S. A. Tipple, Echoes of Spoken Words, p. 251.

References: 1 Chronicles 22:16.—Clergyman's Magazine, vol. xiii., p. 18. 1 Chronicles 22:19.—Ibid., vol. ix., p. 16. 1 Chronicles 26:27.—Homiletic Magazine, vol. viii., p. 131. 1 Chronicles 28:6.—Clergyman's Magazine, vol. x., p. 333.

And David commanded to gather together the strangers that were in the land of Israel; and he set masons to hew wrought stones to build the house of God.
And David prepared iron in abundance for the nails for the doors of the gates, and for the joinings; and brass in abundance without weight;
Also cedar trees in abundance: for the Zidonians and they of Tyre brought much cedar wood to David.
And David said, Solomon my son is young and tender, and the house that is to be builded for the LORD must be exceeding magnifical, of fame and of glory throughout all countries: I will therefore now make preparation for it. So David prepared abundantly before his death.
Then he called for Solomon his son, and charged him to build an house for the LORD God of Israel.
And David said to Solomon, My son, as for me, it was in my mind to build an house unto the name of the LORD my God:
But the word of the LORD came to me, saying, Thou hast shed blood abundantly, and hast made great wars: thou shalt not build an house unto my name, because thou hast shed much blood upon the earth in my sight.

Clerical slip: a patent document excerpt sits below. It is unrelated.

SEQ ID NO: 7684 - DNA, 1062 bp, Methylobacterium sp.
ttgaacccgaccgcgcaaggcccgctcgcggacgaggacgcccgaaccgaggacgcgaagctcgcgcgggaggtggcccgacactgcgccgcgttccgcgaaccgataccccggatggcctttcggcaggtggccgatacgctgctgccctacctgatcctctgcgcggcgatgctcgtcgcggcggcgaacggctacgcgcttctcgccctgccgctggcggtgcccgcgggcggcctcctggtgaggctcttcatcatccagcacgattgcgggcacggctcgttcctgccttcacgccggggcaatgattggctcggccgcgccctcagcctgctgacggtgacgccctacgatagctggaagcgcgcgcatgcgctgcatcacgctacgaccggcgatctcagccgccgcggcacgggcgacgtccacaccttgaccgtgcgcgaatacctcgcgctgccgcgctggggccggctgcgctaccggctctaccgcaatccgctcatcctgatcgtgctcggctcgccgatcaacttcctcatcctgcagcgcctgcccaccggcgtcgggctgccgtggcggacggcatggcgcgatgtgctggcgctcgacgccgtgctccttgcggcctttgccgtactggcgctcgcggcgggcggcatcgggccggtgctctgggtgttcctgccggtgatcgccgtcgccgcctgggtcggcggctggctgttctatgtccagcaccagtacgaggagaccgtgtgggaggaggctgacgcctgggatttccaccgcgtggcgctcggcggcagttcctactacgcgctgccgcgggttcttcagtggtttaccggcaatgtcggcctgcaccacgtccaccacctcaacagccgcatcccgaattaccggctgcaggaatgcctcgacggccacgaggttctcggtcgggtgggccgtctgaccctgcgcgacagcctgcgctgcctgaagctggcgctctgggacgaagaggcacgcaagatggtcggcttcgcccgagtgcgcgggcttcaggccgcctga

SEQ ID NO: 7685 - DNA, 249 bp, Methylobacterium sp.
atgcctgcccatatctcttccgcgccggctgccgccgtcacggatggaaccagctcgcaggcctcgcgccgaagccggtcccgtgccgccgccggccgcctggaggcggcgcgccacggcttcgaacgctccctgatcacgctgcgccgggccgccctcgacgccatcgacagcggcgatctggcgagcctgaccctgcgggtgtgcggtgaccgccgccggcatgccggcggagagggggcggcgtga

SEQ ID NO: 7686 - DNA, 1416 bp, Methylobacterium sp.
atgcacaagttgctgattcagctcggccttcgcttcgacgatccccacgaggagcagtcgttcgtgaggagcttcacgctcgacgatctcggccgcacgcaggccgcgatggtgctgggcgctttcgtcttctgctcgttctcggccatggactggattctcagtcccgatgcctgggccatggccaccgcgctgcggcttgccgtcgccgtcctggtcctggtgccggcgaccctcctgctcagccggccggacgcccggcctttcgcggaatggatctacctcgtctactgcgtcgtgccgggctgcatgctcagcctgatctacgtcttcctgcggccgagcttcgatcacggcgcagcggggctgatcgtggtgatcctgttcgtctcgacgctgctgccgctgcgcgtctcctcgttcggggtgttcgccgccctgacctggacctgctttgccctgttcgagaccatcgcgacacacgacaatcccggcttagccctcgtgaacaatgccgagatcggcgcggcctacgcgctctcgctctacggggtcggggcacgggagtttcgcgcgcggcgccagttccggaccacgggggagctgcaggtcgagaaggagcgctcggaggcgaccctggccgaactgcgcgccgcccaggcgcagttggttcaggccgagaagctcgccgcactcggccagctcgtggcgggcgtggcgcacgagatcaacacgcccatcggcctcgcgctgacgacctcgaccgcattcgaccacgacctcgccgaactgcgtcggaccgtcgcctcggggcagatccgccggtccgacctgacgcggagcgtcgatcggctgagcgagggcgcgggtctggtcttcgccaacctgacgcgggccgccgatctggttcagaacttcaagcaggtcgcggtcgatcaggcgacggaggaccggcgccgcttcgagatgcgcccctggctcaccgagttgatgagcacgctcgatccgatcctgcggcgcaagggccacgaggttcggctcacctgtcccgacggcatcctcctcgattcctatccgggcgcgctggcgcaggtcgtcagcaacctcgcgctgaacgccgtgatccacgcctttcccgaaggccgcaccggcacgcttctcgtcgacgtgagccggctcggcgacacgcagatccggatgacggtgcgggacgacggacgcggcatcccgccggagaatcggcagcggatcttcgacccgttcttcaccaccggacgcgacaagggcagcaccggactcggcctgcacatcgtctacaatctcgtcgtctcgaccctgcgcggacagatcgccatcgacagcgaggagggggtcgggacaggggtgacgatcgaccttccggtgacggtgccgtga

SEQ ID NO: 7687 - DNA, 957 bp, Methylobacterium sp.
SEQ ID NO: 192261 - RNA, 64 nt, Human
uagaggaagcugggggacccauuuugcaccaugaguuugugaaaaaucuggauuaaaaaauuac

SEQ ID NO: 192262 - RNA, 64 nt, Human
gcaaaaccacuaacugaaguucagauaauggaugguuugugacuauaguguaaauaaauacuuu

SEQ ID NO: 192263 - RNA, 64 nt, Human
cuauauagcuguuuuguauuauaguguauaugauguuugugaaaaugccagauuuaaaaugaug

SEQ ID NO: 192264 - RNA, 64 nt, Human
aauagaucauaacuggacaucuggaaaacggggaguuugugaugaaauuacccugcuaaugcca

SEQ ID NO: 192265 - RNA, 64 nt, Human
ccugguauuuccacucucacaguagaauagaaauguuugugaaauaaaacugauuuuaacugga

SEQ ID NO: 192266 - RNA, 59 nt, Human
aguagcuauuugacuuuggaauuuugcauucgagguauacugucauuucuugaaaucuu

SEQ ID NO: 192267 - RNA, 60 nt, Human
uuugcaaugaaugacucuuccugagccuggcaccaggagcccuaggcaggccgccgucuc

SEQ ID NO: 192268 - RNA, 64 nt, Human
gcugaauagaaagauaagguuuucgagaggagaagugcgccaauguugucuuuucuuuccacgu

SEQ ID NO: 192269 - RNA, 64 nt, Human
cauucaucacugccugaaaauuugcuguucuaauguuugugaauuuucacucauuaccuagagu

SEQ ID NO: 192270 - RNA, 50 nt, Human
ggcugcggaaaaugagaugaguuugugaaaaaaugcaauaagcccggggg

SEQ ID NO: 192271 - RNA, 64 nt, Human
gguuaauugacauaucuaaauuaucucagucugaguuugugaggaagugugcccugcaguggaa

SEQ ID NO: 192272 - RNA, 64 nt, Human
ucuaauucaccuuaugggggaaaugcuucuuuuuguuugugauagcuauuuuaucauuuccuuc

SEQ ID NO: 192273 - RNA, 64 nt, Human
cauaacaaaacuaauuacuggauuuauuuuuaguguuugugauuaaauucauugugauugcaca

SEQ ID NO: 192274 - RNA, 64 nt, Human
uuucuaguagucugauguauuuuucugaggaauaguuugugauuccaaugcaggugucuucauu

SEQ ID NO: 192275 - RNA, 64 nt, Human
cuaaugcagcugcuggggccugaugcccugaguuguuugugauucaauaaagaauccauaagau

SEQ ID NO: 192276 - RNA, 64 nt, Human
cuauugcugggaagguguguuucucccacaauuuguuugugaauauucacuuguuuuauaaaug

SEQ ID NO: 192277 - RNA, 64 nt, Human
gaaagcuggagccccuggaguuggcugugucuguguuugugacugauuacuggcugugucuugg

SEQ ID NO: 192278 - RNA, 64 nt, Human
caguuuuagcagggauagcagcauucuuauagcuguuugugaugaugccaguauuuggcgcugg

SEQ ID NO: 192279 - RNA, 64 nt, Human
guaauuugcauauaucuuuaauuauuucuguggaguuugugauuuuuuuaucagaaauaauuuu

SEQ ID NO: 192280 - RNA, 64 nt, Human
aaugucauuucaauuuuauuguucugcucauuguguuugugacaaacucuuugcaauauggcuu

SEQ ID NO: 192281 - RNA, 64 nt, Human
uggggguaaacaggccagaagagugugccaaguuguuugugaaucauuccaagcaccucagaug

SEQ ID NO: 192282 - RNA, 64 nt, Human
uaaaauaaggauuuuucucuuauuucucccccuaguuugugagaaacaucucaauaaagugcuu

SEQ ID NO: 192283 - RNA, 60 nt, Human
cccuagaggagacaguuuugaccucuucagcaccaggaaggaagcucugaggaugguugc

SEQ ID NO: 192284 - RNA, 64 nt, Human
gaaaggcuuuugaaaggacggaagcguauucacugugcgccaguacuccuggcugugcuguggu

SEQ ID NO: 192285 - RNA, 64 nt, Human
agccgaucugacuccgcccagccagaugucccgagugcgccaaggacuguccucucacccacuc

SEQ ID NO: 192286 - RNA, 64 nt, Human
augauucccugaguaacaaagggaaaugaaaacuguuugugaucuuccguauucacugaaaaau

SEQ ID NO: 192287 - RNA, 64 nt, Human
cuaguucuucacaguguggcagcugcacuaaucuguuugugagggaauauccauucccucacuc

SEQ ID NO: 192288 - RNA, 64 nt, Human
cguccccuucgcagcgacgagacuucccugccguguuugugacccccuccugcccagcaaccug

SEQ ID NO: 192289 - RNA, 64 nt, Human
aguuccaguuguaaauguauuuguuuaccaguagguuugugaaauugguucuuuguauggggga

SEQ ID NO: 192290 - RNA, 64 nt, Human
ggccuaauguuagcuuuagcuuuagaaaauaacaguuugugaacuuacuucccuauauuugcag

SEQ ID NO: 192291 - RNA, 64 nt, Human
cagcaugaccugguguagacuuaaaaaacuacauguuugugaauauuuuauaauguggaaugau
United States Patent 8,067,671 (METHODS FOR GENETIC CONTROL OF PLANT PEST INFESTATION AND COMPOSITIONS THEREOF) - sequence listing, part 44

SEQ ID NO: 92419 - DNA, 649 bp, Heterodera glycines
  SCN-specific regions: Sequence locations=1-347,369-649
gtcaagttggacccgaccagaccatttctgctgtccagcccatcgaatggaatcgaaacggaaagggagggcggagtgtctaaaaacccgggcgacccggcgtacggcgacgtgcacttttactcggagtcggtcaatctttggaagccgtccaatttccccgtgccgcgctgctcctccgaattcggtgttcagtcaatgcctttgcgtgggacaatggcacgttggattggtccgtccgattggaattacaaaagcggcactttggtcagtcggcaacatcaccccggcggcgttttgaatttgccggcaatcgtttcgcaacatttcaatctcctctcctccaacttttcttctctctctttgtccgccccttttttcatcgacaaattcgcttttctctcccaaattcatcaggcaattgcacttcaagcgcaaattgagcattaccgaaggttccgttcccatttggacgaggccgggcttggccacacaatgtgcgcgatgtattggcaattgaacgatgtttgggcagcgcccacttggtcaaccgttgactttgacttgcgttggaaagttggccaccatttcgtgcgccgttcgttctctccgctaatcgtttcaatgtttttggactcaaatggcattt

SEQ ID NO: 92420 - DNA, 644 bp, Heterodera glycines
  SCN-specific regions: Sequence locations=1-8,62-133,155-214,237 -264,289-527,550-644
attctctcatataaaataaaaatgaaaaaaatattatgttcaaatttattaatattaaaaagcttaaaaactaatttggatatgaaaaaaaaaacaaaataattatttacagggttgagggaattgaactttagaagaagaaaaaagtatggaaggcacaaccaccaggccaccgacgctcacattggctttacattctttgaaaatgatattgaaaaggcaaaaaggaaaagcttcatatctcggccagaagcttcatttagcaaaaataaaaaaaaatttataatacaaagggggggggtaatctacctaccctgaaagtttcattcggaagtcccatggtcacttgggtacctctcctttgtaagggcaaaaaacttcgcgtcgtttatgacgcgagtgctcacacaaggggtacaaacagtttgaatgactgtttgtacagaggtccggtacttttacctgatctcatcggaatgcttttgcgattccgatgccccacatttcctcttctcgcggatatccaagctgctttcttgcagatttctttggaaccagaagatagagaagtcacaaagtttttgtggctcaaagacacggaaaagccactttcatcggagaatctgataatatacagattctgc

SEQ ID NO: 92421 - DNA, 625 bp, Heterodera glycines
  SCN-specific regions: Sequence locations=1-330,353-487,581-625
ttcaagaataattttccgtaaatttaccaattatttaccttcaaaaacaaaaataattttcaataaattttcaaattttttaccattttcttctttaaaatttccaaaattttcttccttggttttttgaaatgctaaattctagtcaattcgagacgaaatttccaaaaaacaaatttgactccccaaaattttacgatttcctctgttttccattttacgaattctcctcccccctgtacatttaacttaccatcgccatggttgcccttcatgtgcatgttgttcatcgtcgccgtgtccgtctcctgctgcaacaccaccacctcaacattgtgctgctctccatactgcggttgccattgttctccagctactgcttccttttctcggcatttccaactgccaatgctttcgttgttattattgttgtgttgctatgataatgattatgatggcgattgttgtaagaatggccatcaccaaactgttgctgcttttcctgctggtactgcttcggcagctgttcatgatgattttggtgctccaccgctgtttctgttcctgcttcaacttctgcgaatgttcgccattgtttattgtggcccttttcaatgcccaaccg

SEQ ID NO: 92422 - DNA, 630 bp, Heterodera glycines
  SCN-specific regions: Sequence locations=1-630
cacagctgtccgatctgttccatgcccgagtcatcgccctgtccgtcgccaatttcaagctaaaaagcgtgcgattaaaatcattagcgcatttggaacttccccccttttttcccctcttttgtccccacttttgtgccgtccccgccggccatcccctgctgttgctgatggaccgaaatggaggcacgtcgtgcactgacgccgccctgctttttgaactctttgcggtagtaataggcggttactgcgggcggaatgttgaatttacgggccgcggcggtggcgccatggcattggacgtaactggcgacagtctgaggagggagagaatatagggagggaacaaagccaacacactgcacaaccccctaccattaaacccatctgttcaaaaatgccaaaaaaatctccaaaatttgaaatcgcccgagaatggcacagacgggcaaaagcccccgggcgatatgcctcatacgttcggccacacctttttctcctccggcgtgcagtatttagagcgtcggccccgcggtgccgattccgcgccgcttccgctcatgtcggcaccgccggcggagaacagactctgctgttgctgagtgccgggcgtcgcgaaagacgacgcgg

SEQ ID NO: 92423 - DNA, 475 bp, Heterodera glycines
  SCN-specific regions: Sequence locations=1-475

Behold, a son shall be born to thee, who shall be a man of rest; and I will give him rest from all his enemies round about: for his name shall be Solomon, and I will give peace and quietness unto Israel in his days.
He shall build an house for my name; and he shall be my son, and I will be his father; and I will establish the throne of his kingdom over Israel for ever.
Now, my son, the LORD be with thee; and prosper thou, and build the house of the LORD thy God, as he hath said of thee.
Only the LORD give thee wisdom and understanding, and give thee charge concerning Israel, that thou mayest keep the law of the LORD thy God.
Then shalt thou prosper, if thou takest heed to fulfil the statutes and judgments which the LORD charged Moses with concerning Israel: be strong, and of good courage; dread not, nor be dismayed.